Fluorescent proteins are invaluable tools for measuring the abundance and trafficking of other proteins in a cell. A bigger challenge has been to monitor a protein’s life cycle—its intracellular movements and its turnover—which requires a timer to indicate a protein’s age. Earlier iterations of fluorescent timers used one protein that changed color over time, “but this is at the expense of sensitivity and brightness,” says Michael Knop of the University of Heidelberg.
To improve upon the idea of a fluorescent timer, Knop and his colleagues fused two different fluorescent proteins to produce a timer that glows with different colors and intensities depending on the age of the target protein. The first of the fluorescent proteins, superfolder GFP (sfGFP), reaches peak intensity very quickly, while the second, mCherry, matures more slowly, reaching its peak several hours later. By measuring the intensity of mCherry as it increased, and comparing it to that of sfGFP, Knop’s group could quantify the passage of time using a ratio of the two intensities, while also tracking protein movement within the cell.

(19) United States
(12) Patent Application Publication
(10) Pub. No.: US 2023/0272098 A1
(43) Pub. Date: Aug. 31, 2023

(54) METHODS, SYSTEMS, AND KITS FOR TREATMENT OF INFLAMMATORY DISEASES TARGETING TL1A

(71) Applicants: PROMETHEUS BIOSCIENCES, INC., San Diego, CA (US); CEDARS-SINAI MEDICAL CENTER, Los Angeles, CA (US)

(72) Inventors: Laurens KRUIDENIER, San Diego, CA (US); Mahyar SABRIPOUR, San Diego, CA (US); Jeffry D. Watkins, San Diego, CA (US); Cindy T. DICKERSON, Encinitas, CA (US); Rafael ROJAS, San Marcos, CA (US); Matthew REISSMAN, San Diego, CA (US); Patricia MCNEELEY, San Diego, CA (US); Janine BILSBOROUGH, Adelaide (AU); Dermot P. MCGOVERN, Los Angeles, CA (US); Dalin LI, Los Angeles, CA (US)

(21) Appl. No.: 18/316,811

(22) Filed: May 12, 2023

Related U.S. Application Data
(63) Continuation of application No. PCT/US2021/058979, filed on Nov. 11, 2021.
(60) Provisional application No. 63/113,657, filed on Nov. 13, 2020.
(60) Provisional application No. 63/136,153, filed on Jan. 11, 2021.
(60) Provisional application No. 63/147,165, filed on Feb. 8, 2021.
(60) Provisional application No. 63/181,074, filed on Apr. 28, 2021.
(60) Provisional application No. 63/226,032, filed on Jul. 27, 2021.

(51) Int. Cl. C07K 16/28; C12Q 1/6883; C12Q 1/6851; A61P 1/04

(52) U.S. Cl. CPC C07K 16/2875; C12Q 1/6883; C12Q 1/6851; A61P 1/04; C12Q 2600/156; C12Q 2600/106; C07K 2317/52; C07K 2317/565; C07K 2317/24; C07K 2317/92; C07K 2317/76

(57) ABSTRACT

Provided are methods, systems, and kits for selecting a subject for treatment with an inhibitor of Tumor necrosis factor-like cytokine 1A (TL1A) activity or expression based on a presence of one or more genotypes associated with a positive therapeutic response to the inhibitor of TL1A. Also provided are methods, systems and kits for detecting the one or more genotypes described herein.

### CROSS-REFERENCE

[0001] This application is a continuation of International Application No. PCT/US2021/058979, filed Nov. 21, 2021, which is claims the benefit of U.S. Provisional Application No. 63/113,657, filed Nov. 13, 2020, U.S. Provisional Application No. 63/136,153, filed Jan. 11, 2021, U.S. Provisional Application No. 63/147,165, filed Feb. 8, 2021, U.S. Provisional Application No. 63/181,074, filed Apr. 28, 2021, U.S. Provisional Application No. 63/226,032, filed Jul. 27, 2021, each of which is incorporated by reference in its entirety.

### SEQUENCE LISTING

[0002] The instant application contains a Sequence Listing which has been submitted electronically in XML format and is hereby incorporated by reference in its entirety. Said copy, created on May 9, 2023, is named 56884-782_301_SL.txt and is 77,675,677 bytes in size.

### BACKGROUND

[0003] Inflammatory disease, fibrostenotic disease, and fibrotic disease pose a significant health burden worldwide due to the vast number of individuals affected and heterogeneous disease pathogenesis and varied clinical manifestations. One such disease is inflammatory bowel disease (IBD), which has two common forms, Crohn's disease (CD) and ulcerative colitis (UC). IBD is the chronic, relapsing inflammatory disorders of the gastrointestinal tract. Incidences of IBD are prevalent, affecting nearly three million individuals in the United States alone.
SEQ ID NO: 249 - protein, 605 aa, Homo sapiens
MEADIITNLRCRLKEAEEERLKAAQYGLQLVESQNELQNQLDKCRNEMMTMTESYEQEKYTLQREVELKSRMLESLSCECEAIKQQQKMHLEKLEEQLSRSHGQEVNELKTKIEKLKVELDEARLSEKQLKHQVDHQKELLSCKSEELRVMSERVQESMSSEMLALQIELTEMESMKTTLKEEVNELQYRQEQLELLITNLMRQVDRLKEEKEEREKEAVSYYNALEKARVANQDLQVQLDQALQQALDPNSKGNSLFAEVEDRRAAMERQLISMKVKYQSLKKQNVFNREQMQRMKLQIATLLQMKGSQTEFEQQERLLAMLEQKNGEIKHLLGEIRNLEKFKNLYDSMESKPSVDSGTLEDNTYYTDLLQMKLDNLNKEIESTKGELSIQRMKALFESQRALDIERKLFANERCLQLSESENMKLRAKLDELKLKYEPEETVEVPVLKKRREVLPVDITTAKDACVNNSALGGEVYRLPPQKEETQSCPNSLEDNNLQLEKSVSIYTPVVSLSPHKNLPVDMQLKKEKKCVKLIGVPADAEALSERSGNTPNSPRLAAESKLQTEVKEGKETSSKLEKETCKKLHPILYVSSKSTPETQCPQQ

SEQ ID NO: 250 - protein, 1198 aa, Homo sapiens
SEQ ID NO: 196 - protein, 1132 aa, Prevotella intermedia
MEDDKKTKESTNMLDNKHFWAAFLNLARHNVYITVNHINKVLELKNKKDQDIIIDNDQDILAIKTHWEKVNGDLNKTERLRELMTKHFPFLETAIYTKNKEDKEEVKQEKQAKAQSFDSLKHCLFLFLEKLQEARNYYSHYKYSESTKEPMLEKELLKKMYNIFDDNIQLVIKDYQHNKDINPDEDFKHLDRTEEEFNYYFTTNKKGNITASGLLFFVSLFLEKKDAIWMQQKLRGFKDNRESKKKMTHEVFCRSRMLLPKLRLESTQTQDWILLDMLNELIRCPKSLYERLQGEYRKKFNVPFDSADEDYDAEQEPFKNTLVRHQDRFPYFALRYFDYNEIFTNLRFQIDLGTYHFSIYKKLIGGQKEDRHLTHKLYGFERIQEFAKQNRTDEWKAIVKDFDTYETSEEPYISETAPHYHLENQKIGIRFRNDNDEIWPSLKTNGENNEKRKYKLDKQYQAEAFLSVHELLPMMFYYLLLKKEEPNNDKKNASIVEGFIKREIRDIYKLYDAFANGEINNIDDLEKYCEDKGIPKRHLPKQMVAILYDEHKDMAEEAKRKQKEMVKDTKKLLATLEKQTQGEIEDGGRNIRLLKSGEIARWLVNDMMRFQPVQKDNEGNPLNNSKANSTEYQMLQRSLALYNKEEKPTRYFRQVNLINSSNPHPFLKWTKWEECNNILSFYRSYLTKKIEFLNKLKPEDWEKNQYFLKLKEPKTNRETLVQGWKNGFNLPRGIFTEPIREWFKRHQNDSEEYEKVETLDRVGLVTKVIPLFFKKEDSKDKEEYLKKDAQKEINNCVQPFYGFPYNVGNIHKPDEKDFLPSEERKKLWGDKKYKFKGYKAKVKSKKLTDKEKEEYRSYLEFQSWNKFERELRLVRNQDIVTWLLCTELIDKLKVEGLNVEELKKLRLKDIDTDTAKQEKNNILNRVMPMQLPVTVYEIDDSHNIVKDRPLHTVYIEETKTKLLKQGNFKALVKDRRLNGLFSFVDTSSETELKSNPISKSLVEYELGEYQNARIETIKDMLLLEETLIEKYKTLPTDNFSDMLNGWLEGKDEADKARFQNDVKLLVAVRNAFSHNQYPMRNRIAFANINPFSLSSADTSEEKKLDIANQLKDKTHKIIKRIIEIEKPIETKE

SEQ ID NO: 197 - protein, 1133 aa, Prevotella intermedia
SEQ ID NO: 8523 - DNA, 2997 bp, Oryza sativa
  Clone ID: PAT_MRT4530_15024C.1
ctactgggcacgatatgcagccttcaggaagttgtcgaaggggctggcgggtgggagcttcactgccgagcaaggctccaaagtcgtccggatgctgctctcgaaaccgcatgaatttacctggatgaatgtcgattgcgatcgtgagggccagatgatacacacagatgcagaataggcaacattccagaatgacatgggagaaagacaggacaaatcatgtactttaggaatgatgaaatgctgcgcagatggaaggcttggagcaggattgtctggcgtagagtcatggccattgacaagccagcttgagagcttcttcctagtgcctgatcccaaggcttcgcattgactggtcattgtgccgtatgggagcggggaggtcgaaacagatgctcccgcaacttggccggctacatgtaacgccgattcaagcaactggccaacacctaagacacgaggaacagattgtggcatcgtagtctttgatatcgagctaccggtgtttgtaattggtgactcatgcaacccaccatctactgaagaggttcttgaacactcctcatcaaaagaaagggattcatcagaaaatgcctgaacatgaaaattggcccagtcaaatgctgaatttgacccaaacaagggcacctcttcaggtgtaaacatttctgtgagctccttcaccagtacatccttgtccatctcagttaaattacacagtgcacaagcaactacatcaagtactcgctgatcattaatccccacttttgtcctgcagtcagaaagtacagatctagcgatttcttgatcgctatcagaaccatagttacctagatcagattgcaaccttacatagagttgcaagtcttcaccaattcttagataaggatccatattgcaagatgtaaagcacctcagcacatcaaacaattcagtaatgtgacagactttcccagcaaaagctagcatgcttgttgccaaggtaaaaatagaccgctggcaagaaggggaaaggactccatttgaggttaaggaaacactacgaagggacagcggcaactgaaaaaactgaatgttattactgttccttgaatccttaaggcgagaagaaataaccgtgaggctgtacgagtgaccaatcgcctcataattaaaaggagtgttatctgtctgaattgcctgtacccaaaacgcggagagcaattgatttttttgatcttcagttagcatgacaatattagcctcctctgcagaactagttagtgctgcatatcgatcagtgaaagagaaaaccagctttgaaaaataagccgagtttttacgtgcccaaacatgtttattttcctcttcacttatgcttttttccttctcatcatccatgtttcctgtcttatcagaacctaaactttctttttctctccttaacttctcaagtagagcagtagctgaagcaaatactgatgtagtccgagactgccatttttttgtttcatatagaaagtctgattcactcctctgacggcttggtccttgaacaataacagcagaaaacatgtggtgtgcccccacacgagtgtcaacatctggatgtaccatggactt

Vladislav Verkhusha, a professor at Albert Einstein School of Medicine, said mCherry and sfGFP were good choices for the timer because they are bright and they reliably fold properly to form the chromophores. “Definitely people will use [this approach] because it’s genetically encoded and an easy technique,” he says. “You just need cells and a fluorescence microscope.” (Nat Biotechnol, 30:708-16, 2012.)